Open Access
Case Report
Issue
J Oral Med Oral Surg
Volume 27, Number 3, 2021
Article Number 45
Number of page(s) 4
DOI https://doi.org/10.1051/mbcb/2021028
Published online 27 September 2021

© The authors, 2021

Licence Creative CommonsThis is an Open Access article distributed under the terms of the Creative Commons Attribution License (https://creativecommons.org/licenses/by/4.0), which permits unrestricted use, distribution, and reproduction in any medium, provided the original work is properly cited.

Introduction

Myiasis (Greek: myi = fly) refers to infestation of living tissues of humans and animals by Dipterous eggs or larvae. Term myiasis was coined by Hope in 1840 and it was first described by Laurance in 1909 [1]. Myasis has been defined as a pathological condition in which there is an infestation of living mammals with dipterous larvae, which, for at least a certain period, feed on living or dead tissue in the host and develop as parasites [2]. This phenomenon is well documented in the skin, especially among animals and people in tropical and subtropical areas. Oral myiasis is a rare condition and can be caused by several species of Dipteran fly larvae and may be secondary to serious medical conditions.

The infestation is most often subcutaneous and produces a furunculoid or boil-like lesion but can also occur in wounds and certain body cavities. Myiasis can be caused by several species, the larvae of which feed on the dead or living tissue of the host [3].

Myiasis is classified according to the type of larva present in the wound: 1. Primary myiasis is caused by larvae that feed on living tissues (biophagous); and 2. secondary myiasis is caused by larvae that only feed on dead tissues (necrophagous) [4]. Abdo et al. [5] classified myiasis as obligatory (when the larvae require living tissue to survive) and facultative (when the larvae develop in necrotic tissue).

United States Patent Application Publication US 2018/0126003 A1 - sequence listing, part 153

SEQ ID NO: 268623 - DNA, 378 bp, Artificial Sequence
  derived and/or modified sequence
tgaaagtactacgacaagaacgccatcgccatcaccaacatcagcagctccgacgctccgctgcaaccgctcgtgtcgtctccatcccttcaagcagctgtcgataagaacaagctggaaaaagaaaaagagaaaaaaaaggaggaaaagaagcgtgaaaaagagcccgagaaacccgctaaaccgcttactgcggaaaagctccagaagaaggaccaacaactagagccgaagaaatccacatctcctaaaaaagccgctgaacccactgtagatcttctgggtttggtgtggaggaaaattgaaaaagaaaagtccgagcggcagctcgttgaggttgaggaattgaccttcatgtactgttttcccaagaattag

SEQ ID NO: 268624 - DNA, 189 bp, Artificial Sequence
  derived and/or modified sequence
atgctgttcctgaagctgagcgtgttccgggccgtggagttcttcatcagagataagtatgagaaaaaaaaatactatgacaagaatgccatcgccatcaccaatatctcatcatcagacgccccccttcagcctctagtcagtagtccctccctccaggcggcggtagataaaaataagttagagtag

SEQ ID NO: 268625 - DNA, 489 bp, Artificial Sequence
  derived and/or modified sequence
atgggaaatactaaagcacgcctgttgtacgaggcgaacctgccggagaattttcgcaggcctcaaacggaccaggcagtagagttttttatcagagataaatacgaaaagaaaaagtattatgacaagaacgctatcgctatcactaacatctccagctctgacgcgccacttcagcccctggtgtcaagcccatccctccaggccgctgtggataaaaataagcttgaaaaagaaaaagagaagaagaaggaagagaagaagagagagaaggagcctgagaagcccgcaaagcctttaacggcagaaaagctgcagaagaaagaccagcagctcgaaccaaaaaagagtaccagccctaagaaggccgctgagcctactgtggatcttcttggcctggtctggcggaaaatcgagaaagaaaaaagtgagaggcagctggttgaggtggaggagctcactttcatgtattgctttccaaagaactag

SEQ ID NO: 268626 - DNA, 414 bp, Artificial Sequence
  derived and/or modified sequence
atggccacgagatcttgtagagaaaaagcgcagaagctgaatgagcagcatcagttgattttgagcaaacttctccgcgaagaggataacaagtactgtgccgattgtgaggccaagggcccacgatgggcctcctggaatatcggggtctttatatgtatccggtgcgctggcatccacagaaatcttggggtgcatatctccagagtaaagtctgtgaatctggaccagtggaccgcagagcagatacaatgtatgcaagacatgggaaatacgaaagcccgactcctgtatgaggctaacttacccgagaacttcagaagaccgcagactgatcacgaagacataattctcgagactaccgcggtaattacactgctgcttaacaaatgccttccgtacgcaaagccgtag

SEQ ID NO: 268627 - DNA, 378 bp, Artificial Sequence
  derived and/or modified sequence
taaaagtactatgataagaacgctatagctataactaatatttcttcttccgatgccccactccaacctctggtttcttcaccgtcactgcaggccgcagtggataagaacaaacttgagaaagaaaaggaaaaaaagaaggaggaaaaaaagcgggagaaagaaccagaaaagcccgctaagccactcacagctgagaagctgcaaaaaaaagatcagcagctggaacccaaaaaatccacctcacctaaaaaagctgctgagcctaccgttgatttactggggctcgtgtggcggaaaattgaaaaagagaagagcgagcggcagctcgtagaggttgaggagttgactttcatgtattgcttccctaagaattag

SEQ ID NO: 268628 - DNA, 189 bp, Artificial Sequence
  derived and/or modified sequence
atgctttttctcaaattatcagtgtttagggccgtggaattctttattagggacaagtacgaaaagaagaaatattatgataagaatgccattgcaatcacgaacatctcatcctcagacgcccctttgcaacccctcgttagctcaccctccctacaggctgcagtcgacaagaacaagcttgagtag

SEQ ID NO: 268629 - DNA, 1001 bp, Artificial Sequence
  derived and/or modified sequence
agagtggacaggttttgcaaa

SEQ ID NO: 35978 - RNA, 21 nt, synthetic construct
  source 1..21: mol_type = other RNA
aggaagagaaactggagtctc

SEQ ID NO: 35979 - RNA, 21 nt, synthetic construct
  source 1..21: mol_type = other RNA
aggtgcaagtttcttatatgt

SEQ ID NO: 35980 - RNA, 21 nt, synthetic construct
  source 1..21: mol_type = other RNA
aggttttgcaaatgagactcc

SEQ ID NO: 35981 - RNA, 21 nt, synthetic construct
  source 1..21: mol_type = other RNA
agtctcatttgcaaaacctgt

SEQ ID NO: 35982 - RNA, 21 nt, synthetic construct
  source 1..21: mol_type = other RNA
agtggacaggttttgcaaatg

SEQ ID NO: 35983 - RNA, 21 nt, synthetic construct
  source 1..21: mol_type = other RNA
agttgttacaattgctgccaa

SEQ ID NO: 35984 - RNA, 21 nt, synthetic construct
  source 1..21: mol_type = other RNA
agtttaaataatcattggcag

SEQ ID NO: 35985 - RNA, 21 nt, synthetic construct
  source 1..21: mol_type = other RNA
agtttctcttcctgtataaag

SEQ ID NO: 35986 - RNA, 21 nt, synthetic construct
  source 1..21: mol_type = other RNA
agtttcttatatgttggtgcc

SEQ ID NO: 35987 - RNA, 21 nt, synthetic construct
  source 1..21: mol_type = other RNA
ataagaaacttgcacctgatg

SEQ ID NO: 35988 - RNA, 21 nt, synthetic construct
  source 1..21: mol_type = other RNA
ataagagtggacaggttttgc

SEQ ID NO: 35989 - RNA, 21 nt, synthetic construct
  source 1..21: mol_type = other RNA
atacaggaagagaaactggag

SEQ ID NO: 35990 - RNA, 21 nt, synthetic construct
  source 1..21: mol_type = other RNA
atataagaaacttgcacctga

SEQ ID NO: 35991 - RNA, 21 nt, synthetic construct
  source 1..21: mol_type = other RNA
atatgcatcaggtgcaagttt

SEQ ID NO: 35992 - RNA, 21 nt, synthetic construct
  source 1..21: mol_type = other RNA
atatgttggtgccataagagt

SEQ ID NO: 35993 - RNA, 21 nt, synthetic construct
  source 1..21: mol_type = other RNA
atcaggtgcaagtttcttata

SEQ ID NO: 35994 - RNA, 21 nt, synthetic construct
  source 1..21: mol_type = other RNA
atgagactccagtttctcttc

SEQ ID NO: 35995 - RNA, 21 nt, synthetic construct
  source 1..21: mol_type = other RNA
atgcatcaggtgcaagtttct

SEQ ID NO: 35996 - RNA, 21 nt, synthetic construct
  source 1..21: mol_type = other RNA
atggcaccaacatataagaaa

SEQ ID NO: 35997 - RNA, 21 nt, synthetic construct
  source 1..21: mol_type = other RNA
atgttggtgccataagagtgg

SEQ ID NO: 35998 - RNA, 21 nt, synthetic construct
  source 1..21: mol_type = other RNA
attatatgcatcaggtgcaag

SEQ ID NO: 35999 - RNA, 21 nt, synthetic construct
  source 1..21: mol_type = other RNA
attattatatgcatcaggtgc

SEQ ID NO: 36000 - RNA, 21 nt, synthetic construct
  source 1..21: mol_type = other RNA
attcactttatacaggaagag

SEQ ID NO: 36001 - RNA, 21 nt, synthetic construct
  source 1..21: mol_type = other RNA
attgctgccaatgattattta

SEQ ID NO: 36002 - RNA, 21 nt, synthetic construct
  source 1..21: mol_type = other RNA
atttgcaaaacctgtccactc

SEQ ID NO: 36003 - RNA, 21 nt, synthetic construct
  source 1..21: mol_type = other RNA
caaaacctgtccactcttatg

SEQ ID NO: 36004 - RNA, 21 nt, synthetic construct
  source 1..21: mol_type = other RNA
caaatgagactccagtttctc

Incidence of oral myiasis is comparatively lesser than that of cutaneous myiasis as oral tissues are not permanently exposed to the external environment [6]. Conditions leading to persistent mouth opening along with poor hygiene, suppurative lesions, severe halitosis, and facial trauma may predispose the patient to oral myiasis. It has been reported among epilepsy patients with lacerated lips following a seizure, incompetent lips and thumb sucking habits, advanced periodontal disease, at tooth extraction sites, fungating carcinoma of buccal mucosa and in patients with tetanus [1]. The myiasis is diagnosed clinically based on presence of the maggots but the classification of the larvae rarely has been made.

We report a rare case of myiasis of anterior maxilla with drug induced gingival hyperplasia in a sixty-two-year-old male with history of hypertension, hemiplegia and diabetes mallitus. Clinical significance of present case is its rarity of association with drug induced gingival hyperplasia and typical presence of multiple predisposing factors. One needs to be aware of its predisposing factors, clinical features and treatment modalities.